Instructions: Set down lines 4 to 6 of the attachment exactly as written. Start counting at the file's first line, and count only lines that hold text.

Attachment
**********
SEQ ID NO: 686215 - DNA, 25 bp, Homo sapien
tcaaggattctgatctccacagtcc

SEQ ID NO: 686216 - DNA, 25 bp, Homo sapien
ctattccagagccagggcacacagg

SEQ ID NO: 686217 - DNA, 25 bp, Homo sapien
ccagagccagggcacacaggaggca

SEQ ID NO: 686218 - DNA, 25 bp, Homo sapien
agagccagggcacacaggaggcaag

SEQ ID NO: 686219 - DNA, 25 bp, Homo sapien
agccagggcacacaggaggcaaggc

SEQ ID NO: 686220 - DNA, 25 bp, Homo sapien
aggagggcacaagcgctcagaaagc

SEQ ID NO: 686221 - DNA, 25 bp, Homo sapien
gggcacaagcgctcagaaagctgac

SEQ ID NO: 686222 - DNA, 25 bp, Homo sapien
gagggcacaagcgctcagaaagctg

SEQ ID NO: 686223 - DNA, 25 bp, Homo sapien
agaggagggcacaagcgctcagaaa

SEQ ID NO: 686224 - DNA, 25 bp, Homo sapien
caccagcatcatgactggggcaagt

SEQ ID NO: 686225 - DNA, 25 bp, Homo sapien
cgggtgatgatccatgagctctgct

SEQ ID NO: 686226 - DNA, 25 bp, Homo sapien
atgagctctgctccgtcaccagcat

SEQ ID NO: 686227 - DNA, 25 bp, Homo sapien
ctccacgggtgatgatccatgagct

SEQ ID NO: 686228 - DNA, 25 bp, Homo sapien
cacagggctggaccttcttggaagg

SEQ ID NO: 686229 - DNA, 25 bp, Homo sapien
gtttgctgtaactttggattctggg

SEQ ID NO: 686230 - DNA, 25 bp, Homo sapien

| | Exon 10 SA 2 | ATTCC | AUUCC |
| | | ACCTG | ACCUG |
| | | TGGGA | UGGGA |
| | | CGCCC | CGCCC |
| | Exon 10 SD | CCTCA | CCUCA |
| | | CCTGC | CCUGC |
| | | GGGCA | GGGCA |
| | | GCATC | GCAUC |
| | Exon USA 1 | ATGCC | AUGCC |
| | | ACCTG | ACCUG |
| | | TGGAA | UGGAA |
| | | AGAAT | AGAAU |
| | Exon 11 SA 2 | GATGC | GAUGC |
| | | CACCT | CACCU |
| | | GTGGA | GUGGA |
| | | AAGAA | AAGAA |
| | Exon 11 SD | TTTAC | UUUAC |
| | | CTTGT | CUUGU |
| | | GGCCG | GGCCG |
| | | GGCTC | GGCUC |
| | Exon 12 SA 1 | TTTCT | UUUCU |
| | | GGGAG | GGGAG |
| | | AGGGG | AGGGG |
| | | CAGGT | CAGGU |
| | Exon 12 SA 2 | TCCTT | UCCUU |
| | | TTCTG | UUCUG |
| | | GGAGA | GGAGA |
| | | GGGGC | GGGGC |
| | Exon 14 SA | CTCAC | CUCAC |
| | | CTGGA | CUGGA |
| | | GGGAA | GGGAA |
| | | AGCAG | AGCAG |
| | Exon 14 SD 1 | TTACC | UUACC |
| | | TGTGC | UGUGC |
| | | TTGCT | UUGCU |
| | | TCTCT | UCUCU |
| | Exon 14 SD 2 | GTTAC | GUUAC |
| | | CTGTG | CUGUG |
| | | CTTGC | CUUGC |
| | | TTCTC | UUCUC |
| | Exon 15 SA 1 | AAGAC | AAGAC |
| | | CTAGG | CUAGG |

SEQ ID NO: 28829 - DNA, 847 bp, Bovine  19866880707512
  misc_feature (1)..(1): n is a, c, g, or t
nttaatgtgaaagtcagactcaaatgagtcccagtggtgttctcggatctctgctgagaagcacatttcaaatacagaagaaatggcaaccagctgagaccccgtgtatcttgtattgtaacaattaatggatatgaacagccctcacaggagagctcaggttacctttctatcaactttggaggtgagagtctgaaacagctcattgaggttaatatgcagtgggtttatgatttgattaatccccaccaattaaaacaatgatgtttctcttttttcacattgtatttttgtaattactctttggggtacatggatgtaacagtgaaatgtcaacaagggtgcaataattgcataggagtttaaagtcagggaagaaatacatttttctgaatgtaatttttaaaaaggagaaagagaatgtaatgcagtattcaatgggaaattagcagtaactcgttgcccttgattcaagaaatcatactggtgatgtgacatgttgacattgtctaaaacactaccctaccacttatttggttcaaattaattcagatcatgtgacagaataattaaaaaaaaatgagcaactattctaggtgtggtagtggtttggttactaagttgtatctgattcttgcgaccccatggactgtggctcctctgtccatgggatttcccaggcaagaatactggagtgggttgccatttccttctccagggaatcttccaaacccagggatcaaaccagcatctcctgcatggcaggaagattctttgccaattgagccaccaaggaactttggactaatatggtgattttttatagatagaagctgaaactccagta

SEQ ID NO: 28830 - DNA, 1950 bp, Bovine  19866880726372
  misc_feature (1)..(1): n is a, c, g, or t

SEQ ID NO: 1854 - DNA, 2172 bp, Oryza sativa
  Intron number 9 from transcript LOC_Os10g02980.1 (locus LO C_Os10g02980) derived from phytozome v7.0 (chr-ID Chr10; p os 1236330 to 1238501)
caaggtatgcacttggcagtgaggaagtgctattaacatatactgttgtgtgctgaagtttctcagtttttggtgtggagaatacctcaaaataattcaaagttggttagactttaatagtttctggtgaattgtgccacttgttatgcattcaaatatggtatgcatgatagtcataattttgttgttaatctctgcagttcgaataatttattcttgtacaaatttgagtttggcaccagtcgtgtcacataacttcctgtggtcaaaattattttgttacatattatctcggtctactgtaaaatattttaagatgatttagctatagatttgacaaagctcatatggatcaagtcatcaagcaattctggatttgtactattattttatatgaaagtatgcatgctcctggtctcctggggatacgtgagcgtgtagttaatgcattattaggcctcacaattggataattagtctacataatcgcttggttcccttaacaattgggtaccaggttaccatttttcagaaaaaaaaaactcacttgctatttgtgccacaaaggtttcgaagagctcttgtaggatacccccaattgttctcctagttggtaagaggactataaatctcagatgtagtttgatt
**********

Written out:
ctattccagagccagggcacacagg

SEQ ID NO: 686217 - DNA, 25 bp, Homo sapien
ccagagccagggcacacaggaggca